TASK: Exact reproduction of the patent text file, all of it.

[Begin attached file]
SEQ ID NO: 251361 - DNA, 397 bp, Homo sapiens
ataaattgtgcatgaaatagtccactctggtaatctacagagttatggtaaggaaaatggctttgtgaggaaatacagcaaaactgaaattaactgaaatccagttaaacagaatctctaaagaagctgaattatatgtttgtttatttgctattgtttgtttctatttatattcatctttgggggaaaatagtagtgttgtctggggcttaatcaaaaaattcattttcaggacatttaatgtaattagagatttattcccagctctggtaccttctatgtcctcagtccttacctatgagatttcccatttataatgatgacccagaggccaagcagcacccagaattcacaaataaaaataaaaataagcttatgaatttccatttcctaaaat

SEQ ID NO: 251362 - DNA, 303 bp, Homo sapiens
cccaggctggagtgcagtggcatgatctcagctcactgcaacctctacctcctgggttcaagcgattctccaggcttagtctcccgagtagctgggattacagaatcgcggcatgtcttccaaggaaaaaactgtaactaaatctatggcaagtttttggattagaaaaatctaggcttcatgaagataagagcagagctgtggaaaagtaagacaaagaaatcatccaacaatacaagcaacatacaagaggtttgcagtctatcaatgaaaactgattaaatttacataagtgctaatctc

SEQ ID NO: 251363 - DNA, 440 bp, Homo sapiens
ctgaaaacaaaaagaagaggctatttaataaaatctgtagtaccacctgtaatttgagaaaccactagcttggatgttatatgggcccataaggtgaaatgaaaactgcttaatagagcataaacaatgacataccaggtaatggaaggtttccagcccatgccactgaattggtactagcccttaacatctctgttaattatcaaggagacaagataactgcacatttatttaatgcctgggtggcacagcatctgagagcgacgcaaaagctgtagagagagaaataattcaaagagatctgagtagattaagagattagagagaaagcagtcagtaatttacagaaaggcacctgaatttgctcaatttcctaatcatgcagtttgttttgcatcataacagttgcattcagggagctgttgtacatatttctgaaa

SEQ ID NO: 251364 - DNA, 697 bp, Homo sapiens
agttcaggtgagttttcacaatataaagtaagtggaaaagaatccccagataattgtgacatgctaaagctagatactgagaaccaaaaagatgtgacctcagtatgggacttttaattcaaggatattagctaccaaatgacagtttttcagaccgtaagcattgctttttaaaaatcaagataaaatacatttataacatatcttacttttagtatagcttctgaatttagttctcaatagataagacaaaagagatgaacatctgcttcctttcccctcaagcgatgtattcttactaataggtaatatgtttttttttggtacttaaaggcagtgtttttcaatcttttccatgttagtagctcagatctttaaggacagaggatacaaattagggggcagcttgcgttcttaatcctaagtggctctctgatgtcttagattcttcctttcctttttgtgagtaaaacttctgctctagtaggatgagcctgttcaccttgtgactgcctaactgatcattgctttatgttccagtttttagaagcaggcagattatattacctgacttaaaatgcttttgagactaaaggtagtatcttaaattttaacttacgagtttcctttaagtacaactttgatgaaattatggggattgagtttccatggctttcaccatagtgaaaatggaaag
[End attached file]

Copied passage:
SEQ ID NO: 251361 - DNA, 397 bp, Homo sapiens
ataaattgtgcatgaaatagtccactctggtaatctacagagttatggtaaggaaaatggctttgtgaggaaatacagcaaaactgaaattaactgaaatccagttaaacagaatctctaaagaagctgaattatatgtttgtttatttgctattgtttgtttctatttatattcatctttgggggaaaatagtagtgttgtctggggcttaatcaaaaaattcattttcaggacatttaatgtaattagagatttattcccagctctggtaccttctatgtcctcagtccttacctatgagatttcccatttataatgatgacccagaggccaagcagcacccagaattcacaaataaaaataaaaataagcttatgaatttccatttcctaaaat

SEQ ID NO: 251362 - DNA, 303 bp, Homo sapiens
cccaggctggagtgcagtggcatgatctcagctcactgcaacctctacctcctgggttcaagcgattctccaggcttagtctcccgagtagctgggattacagaatcgcggcatgtcttccaaggaaaaaactgtaactaaatctatggcaagtttttggattagaaaaatctaggcttcatgaagataagagcagagctgtggaaaagtaagacaaagaaatcatccaacaatacaagcaacatacaagaggtttgcagtctatcaatgaaaactgattaaatttacataagtgctaatctc

SEQ ID NO: 251363 - DNA, 440 bp, Homo sapiens
ctgaaaacaaaaagaagaggctatttaataaaatctgtagtaccacctgtaatttgagaaaccactagcttggatgttatatgggcccataaggtgaaatgaaaactgcttaatagagcataaacaatgacataccaggtaatggaaggtttccagcccatgccactgaattggtactagcccttaacatctctgttaattatcaaggagacaagataactgcacatttatttaatgcctgggtggcacagcatctgagagcgacgcaaaagctgtagagagagaaataattcaaagagatctgagtagattaagagattagagagaaagcagtcagtaatttacagaaaggcacctgaatttgctcaatttcctaatcatgcagtttgttttgcatcataacagttgcattcagggagctgttgtacatatttctgaaa

SEQ ID NO: 251364 - DNA, 697 bp, Homo sapiens
agttcaggtgagttttcacaatataaagtaagtggaaaagaatccccagataattgtgacatgctaaagctagatactgagaaccaaaaagatgtgacctcagtatgggacttttaattcaaggatattagctaccaaatgacagtttttcagaccgtaagcattgctttttaaaaatcaagataaaatacatttataacatatcttacttttagtatagcttctgaatttagttctcaatagataagacaaaagagatgaacatctgcttcctttcccctcaagcgatgtattcttactaataggtaatatgtttttttttggtacttaaaggcagtgtttttcaatcttttccatgttagtagctcagatctttaaggacagaggatacaaattagggggcagcttgcgttcttaatcctaagtggctctctgatgtcttagattcttcctttcctttttgtgagtaaaacttctgctctagtaggatgagcctgttcaccttgtgactgcctaactgatcattgctttatgttccagtttttagaagcaggcagattatattacctgacttaaaatgcttttgagactaaaggtagtatcttaaattttaacttacgagtttcctttaagtacaactttgatgaaattatggggattgagtttccatggctttcaccatagtgaaaatggaaag